Caught your attention, didn’t I?
Now, before you call me un-American and say I’m committing treason and allege that I hate the bald eagle, let me proclaim this loud and clear: I AM VOTING.
But the truth is that “my” candidate has a very, very small chance of winning. (It’s not Chip or Joanna Gaines, though, I WISH). (I don’t mind sharing, it’s Evan McMullin). (Don’t tell me it’s a wasted vote or why I should vote for __________).
I didn’t write this to justify my vote or to persuade yours.
I’m writing it because we all need a little reality check.
I admit, I can become a little despaired when thinking that one of “these two” will very likely be our next President. Probably even more so when I think of my sweet son, how he sees them behave, and how they could impact his future.
Until I had an epiphany not too long ago…
I want you to all think back to your childhoods. Now, depending on how old you were, you could probably name the president when you were a kid. Maybe, if you were in upper elementary school, something they said or did.
But keep thinking.
Who taught you the values that inform the decisions you make today?
For me, it wasn’t President Bush (Sr.) or President Clinton.
It was my parents.
And, I pray, Luke will someday say that about his Daddy and me.
Of course, this election matters for healthcare policy, social issues, and foreign affairs. I’m not discounting that, in fact, my candidate’s stance on all of the above is why he earned my vote.
There’s a lot of issues that the President impacts outside of our house. But he (or she) doesn’t touch any inside our home.
You know what Brett and I can do and model for our son, no matter who is president?
Pray before every meal at our table together.
Pray at bedtime or any other time.
Teach him the Bible from Genesis to Revelation.
Dance to a silly song together.
Read to him.
Teach that Jesus loves everyone and God made every soul and race in His image.
Something as simple as not using foul language. (As a teacher, I can’t tell you how many times I heard words repeated from home and it broke my heart every time…).
Name-calling? No sir. And use manners.
Take him to church every Sunday.
Take a couple of angels off the tree every Christmas.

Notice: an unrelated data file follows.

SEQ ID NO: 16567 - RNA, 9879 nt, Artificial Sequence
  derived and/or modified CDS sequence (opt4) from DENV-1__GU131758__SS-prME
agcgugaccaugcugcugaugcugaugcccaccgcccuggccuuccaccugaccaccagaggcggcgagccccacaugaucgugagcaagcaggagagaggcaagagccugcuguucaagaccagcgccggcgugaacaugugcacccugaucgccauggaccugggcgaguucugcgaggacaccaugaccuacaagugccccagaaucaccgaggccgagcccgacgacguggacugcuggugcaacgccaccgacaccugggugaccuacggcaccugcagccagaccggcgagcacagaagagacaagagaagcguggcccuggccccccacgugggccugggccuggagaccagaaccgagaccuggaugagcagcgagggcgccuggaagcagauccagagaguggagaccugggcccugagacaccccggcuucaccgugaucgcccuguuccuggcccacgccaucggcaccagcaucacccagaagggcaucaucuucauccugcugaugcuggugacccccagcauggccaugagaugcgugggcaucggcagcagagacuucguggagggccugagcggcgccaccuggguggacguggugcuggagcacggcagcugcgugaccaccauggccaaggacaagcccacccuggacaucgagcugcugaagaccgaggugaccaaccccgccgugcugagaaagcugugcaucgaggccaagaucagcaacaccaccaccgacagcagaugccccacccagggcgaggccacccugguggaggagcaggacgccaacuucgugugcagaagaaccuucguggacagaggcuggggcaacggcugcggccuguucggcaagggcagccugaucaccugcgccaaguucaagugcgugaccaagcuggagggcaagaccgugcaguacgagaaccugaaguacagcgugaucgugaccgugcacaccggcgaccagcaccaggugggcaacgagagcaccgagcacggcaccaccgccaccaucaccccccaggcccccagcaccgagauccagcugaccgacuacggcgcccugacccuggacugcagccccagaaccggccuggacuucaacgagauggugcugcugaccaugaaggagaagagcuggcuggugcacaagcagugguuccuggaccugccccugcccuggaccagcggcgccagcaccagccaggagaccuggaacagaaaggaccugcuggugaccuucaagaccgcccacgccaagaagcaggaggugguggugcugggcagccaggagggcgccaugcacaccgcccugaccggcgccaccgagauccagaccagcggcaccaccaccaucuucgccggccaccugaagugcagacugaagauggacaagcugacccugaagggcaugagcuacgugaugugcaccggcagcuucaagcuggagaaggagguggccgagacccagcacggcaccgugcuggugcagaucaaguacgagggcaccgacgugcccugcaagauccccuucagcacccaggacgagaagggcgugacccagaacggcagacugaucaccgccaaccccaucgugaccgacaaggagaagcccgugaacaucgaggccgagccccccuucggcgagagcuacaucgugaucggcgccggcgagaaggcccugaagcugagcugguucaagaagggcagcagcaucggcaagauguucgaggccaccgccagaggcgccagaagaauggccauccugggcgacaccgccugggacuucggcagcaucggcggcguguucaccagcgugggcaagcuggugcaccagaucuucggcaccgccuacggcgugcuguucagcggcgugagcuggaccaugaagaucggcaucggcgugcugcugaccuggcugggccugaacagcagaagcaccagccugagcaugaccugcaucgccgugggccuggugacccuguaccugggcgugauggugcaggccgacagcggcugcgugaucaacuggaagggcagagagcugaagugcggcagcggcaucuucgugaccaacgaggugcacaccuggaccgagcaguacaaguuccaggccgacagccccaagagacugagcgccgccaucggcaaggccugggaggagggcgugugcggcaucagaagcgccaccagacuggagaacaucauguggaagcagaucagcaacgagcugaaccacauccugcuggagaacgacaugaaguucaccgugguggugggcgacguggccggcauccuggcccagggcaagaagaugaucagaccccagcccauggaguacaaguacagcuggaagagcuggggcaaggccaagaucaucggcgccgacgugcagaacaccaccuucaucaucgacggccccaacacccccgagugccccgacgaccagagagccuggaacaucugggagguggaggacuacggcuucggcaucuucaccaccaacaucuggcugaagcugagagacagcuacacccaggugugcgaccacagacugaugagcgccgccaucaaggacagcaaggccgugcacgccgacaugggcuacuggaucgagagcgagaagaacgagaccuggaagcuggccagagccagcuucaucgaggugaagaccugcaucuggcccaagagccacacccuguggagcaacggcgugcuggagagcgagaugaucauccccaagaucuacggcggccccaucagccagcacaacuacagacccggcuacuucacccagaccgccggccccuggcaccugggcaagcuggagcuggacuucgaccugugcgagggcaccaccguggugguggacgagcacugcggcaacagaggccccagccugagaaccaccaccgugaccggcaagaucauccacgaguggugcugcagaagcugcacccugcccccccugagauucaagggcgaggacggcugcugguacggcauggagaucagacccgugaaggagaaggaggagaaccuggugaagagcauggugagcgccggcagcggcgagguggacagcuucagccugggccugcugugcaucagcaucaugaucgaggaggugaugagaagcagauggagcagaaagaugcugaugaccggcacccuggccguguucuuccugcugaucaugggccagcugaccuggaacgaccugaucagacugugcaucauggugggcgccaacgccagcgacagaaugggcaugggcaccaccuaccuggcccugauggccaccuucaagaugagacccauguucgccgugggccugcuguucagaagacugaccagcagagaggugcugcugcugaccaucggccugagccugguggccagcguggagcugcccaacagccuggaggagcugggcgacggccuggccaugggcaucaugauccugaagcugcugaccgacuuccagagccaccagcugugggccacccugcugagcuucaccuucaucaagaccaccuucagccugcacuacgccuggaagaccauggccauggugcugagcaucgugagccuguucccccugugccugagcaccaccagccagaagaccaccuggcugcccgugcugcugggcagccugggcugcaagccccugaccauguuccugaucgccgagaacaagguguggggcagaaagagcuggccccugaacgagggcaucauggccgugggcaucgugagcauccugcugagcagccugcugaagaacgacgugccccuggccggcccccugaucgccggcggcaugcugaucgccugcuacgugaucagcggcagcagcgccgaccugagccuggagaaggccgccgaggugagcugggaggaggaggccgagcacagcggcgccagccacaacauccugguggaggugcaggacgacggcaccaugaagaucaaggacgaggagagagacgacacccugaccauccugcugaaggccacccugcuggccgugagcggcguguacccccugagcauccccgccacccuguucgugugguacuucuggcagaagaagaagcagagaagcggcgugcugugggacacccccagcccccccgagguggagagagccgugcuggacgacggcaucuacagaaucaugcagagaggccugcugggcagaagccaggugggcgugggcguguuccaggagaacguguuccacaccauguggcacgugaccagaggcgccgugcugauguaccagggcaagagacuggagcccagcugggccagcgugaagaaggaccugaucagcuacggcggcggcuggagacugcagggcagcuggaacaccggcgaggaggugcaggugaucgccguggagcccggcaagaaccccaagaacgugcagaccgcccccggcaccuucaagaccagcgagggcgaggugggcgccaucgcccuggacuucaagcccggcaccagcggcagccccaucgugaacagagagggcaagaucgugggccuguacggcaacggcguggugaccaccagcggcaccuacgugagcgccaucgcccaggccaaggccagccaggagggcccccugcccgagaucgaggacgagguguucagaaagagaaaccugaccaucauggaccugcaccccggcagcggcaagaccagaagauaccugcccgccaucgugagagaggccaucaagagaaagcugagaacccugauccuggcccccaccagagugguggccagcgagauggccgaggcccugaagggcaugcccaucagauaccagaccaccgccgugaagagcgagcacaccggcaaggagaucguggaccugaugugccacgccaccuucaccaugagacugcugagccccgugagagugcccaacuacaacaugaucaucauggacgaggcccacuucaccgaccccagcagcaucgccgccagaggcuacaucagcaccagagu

Forgive when it’s hard.
Give a meal to someone in need.
Write thank-you cards.
Open the door for others.
Be a friend to the kid in the cafeteria who is sitting by himself.
Cheer for Alabama.
(Okay, that one is optional).
(Except it’s really not).
Apologize when we make mistakes (because we already have and certainly will).
And so will Luke.
And hopefully, prayerfully someday he will know that his mistake (his sin) was redeemed through Jesus and will choose to follow Him.
Donald Trump, Hillary Clinton, or even Evan McMullin will not be in our home, in our car, or wherever we are to instill those values.
(And certainly with God lighting the way. And many other loved ones by our side. IT TAKES A VILLAGE).
Maybe for you, it was your grandparents, your aunt, your brother, or even your teacher.
Unless you lived in the White House with your Daddy who happened to be Mr. President, I highly doubt it was him.
Last week, we decided we were going to teach Luke, who is a year and half, to put his hands together during our prayer before dinner. We’ve always prayed, but I’ll admit, it’s usually while holding our fork.
(Please tell me it wasn’t just us).
So, starting last Monday we put our hands together and would tell our son, “Pray time, buddy! Hands together!”
He looked at us like we were crazy at first, but already by Thursday, I peeked during our prayer and his little hands were together.
(Eyes wide open, but baby steps.)
And I kicked my husband under the table to show him, and we both smiled.
He is watching who matters.
And he is learning.